The World Bank has disclosed that approximately $29 billion is lost every year for Nigerian businesses as a result of the country’s unreliable electricity.
According to the bank, Nigeria also has the most people without access to electricity in the world, with one out of every ten people without access to electricity now residing in Nigeria.
The bank’s positions were outlined in the Power Sector Recovery Programme Fact sheet, which was presented on Wednesday during the it’s virtual dialogue with energy reporters.
Ashish Khanna, the bank’s Practice Manager for West and Central Africa Energy gave the presentation.
“Businesses in Nigeria lose around $29 billion annually due to unreliable electricity,” the report said stressing that Nigerian utilities are only compensated for half of the energy they consume.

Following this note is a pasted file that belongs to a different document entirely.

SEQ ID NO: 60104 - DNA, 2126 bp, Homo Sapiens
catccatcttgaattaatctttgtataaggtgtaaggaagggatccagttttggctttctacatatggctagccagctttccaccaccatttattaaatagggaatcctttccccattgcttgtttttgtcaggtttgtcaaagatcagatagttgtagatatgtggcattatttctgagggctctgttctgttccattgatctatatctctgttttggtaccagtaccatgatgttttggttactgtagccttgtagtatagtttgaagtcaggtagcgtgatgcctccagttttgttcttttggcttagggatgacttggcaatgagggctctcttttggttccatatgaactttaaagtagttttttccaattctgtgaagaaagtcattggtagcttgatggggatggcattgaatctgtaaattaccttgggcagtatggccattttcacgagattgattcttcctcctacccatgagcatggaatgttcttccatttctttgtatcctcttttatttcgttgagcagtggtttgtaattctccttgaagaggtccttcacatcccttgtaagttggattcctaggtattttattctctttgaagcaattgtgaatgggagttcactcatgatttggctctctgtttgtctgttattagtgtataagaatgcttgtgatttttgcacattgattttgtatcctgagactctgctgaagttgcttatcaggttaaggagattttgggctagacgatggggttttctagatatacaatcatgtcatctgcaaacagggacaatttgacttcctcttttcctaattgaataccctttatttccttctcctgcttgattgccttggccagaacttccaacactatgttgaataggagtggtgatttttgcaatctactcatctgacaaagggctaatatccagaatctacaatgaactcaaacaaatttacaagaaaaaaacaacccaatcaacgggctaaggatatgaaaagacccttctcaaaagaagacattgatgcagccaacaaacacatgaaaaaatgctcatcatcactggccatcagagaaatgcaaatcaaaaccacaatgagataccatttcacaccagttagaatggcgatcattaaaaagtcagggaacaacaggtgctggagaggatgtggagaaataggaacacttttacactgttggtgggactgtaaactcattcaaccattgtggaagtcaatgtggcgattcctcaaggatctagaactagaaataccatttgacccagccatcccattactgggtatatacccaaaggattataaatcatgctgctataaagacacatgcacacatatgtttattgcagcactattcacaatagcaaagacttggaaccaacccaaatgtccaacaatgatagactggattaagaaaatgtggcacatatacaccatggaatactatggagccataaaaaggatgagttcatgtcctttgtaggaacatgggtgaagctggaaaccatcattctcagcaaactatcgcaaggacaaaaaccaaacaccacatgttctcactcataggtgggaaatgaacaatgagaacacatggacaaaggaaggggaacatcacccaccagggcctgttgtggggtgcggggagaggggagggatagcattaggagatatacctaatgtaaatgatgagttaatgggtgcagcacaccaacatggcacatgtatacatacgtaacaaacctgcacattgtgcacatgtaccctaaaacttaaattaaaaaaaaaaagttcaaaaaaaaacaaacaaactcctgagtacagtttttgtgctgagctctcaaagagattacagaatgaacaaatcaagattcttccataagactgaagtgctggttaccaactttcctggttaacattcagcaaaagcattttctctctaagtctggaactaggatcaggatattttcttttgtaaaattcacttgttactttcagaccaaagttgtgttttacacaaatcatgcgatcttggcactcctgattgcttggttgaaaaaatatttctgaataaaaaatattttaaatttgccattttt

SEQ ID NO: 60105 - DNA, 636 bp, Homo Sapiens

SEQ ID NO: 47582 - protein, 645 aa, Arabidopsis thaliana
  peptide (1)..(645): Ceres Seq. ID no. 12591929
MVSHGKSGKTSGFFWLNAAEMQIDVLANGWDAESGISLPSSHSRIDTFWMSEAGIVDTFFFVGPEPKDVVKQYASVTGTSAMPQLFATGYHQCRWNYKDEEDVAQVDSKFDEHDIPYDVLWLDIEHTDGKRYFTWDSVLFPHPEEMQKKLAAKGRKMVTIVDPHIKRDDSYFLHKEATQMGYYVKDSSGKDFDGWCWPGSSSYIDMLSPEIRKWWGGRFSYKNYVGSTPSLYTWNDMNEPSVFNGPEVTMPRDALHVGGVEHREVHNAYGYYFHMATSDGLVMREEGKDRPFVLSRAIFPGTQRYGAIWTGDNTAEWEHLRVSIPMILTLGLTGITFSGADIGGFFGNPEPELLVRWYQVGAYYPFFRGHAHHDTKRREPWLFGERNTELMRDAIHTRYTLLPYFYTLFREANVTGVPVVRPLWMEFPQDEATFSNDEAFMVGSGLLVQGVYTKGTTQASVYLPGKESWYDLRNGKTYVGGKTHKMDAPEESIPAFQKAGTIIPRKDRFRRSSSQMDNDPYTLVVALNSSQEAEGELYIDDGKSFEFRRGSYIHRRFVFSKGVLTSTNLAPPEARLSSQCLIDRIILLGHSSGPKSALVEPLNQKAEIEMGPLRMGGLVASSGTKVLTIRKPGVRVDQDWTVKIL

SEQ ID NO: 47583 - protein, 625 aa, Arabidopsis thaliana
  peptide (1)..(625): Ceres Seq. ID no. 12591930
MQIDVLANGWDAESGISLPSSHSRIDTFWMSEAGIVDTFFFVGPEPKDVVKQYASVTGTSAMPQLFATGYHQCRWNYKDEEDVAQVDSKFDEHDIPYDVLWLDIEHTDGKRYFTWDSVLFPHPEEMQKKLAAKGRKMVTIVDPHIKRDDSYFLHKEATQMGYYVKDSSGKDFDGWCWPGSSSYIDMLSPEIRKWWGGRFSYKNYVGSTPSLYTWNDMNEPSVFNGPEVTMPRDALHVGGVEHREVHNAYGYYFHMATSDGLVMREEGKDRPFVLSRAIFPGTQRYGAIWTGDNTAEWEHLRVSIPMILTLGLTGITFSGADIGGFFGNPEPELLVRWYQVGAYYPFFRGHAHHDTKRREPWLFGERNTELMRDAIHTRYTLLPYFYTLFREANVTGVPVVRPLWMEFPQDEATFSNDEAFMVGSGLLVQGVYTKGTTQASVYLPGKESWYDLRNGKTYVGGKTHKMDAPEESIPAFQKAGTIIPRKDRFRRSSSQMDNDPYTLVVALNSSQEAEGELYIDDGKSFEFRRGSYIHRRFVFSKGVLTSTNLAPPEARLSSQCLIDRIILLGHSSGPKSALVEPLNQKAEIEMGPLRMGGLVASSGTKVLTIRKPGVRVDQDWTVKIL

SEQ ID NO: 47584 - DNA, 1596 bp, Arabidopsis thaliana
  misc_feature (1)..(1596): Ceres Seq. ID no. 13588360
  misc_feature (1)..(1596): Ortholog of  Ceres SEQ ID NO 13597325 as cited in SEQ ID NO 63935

“Of every N10 worth of electricity received by Discos (distribution companies), approximately N2.60 is lost due to inadequate distribution facilities and power theft, while another N3.40 is not compensated for by customers.
“Six out of ten registered customers are not metered, and their energy bills are opaque and confusing. This leads to a lack of willingness to pay energy bills.”
According to the PSRP document presented by the bank, only 51% of installed capacity was available for generation, owing to the fact that the average Nigerian consumed four times less energy than her counterpart in a typical lower middle-income country.
It also claimed that the government had been paying the difference for years in order to assist poor Nigerian families in paying their bills.
“However, since wealthier households use more energy, a large portion of government assistance ends up going to those who don’t even need help to pay their bills,” he said.
The PSRP, according to the bank, is a comprehensive response to Nigeria’s power challenges, with the goal of renewing the country’s economy by rebuilding a functional and equitable power sector.
It also stated that the World Bank Board approved $1.25 billion in financing to assist the government in its efforts to reset the power sector between June 2020 and February 2021.